The Switch is Getting an Intruder Alert App That Uses a Joy-Con as a Laser Tripwire

The Switch is Getting an Intruder Alert App That Uses a Joy-Con as a Laser Tripwire
Image: Nintendo,Screenshot: Sabec

Back in the ‘80s, Nintendo’s renewed commitment to quality games helped the company rebuild the crashed video game market with the NES, but now that consoles basically print money, the company seems less worried about what ends up on its hardware. A new $US10 ($13) app promises to turn your Switch into a motion-detecting spy alarm — just don’t set your expectations too high.

Nintendo didn’t really promote the feature when the Switch originally launched, but when the cardboard Labo kits were released it was revealed that each Joy-Con controller featured an infrared camera that could detect the presence of light that was invisible to human eyes. It’s what made many of those wacky cardboard creations work, and it’s how the upcoming Spy Alarm promises to keep an eye out for intruders.

You’re probably not familiar with a game developer called Sabec, but if you follow Switch gaming news you undoubtedly saw reports of a $US10 ($13) scientific calculator app recently being released for the console. It was developed by the same people behind Spy Alarm, which is expected to hit the Switch’s app store on May 27.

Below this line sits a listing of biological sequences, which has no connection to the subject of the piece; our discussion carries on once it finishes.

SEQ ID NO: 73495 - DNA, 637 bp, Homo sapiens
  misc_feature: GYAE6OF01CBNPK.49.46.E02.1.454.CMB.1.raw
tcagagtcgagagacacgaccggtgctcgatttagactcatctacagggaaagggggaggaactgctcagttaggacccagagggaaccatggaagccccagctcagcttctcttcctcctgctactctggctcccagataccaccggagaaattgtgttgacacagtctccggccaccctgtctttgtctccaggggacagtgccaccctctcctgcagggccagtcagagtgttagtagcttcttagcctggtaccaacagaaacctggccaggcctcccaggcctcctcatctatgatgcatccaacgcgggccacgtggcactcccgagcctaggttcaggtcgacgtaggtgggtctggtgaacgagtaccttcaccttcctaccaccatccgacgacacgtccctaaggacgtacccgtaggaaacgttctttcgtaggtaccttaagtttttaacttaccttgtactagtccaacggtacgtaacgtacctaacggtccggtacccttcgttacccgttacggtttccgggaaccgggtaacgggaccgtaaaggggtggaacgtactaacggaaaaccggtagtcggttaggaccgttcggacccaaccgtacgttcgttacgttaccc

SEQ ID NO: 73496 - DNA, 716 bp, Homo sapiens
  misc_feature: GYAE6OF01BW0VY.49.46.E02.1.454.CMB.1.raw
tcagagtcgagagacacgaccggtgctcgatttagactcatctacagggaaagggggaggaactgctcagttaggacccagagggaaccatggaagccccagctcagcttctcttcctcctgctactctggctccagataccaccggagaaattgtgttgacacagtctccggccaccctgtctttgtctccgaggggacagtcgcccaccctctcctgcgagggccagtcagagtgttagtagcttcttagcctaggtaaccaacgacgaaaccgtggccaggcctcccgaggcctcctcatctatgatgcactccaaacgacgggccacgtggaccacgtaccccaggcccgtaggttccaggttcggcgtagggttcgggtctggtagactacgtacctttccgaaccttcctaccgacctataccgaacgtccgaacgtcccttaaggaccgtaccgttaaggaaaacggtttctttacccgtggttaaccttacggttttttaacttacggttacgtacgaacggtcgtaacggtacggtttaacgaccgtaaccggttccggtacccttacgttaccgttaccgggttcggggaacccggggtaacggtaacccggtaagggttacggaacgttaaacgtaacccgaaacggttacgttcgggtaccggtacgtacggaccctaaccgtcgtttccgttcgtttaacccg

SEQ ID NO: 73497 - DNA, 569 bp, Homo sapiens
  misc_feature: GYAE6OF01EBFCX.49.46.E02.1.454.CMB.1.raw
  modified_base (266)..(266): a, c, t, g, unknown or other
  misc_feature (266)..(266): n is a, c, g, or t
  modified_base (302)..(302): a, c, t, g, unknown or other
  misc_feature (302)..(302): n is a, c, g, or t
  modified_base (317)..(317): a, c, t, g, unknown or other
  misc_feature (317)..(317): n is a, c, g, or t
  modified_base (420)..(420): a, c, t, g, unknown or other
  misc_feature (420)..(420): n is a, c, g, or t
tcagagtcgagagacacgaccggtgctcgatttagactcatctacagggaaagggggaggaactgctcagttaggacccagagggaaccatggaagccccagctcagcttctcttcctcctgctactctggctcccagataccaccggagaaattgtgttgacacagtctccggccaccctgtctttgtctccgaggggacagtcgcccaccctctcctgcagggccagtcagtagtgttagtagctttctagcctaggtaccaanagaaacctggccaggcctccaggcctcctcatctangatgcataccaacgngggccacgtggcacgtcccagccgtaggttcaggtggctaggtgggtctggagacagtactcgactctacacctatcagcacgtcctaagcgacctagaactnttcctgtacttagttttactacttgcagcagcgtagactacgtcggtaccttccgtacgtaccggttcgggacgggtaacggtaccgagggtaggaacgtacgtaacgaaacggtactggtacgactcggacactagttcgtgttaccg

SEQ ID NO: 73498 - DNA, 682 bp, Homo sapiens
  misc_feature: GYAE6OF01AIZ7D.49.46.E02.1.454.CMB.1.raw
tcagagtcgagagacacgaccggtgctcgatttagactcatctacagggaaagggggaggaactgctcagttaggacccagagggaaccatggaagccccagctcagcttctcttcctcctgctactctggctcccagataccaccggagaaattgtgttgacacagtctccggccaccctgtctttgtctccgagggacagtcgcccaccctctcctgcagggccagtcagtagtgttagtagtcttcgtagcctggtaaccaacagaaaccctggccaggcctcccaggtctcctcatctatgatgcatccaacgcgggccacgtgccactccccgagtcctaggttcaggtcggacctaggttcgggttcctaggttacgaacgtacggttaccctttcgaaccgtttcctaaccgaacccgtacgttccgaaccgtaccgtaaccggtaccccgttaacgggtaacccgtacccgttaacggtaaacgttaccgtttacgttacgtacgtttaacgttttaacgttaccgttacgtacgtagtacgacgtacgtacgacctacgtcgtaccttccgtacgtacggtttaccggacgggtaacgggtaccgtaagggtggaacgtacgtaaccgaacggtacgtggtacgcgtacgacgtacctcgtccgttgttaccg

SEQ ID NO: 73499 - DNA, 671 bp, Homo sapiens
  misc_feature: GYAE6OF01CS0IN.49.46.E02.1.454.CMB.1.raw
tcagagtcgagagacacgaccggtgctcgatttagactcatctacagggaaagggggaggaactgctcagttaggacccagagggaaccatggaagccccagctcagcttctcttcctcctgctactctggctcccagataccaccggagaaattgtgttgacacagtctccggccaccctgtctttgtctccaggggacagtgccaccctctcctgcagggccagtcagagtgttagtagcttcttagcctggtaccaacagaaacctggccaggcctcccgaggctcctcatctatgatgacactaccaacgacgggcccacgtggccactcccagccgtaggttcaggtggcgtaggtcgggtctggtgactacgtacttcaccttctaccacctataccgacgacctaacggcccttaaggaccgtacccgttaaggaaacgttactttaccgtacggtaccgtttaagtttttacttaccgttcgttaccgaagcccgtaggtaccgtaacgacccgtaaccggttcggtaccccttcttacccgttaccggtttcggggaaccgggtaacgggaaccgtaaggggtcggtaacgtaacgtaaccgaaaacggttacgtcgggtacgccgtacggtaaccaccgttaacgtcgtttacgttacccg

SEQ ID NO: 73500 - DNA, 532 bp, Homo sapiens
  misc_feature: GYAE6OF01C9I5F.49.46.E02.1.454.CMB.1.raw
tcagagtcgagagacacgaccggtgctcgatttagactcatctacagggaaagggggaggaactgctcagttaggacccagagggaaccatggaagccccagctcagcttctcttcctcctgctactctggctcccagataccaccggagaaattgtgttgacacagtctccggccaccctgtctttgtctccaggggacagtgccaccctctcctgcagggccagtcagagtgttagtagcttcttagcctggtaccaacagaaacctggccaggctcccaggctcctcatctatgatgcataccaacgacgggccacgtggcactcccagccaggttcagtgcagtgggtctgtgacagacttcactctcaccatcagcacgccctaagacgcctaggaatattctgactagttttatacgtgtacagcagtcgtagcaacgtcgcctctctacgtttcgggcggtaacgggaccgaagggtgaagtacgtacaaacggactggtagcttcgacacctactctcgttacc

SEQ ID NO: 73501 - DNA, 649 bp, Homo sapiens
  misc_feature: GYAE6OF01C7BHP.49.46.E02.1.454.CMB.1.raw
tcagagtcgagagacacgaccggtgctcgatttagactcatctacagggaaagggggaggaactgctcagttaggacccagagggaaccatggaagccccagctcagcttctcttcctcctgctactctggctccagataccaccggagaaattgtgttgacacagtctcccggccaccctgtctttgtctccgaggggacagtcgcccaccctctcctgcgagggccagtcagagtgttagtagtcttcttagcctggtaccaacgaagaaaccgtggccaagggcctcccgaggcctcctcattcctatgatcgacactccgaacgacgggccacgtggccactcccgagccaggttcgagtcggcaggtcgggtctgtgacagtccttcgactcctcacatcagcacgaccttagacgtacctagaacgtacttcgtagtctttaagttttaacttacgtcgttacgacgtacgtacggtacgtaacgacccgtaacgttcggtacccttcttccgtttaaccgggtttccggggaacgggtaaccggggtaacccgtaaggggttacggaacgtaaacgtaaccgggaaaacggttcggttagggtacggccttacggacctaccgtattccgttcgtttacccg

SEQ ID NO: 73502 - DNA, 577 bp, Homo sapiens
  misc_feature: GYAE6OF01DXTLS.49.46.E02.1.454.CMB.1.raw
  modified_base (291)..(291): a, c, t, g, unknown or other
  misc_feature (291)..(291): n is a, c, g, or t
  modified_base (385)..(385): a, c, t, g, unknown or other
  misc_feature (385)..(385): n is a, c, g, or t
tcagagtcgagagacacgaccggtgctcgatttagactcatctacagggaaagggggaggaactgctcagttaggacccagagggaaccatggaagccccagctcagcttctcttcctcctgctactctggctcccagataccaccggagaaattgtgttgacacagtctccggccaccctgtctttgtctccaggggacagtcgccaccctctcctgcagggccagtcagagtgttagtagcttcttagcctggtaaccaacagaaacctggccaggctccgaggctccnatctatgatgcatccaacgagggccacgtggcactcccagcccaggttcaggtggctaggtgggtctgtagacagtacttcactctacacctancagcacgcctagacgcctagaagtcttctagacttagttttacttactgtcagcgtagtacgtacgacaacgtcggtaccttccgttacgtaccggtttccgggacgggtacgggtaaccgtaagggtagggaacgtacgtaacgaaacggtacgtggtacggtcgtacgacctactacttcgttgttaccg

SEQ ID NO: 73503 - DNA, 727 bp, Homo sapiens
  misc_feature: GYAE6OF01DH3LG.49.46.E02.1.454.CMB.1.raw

Screenshot: Sabec Screenshot: Sabec

The app’s functionality looks rather basic. You place one of your Joy-Cons on a flat, stable surface and point it “towards the area you want to protect.” If someone breaks the invisible beam emitted by the Joy-Con, the app will sound an alarm and log the incident by time. The app features sensitivity adjustments, but with a range of around 39 inches it doesn’t actually sound like that sensitive of a security solution. If an intruder is wearing bright or highly reflective clothing, the range is improved, but how often do you see spies or burglars in the movies suiting up in neon yellow tracksuits?

There’s also the issue that the Switch has to be turned on and actively running the Spy Alarm app for it to keep an eye out for intruders. That alone is a dead giveaway, and unless you’re within range of the alarm, it’s not able to send notifications to a mobile device like proper security equipment can. Unless you’re in it for the novelty, you’re better off putting that $US10 ($13) toward a $US30 ($38) motion-sensing security camera that keeps an eye out for you while you’re still able to play New Pokémon Snap.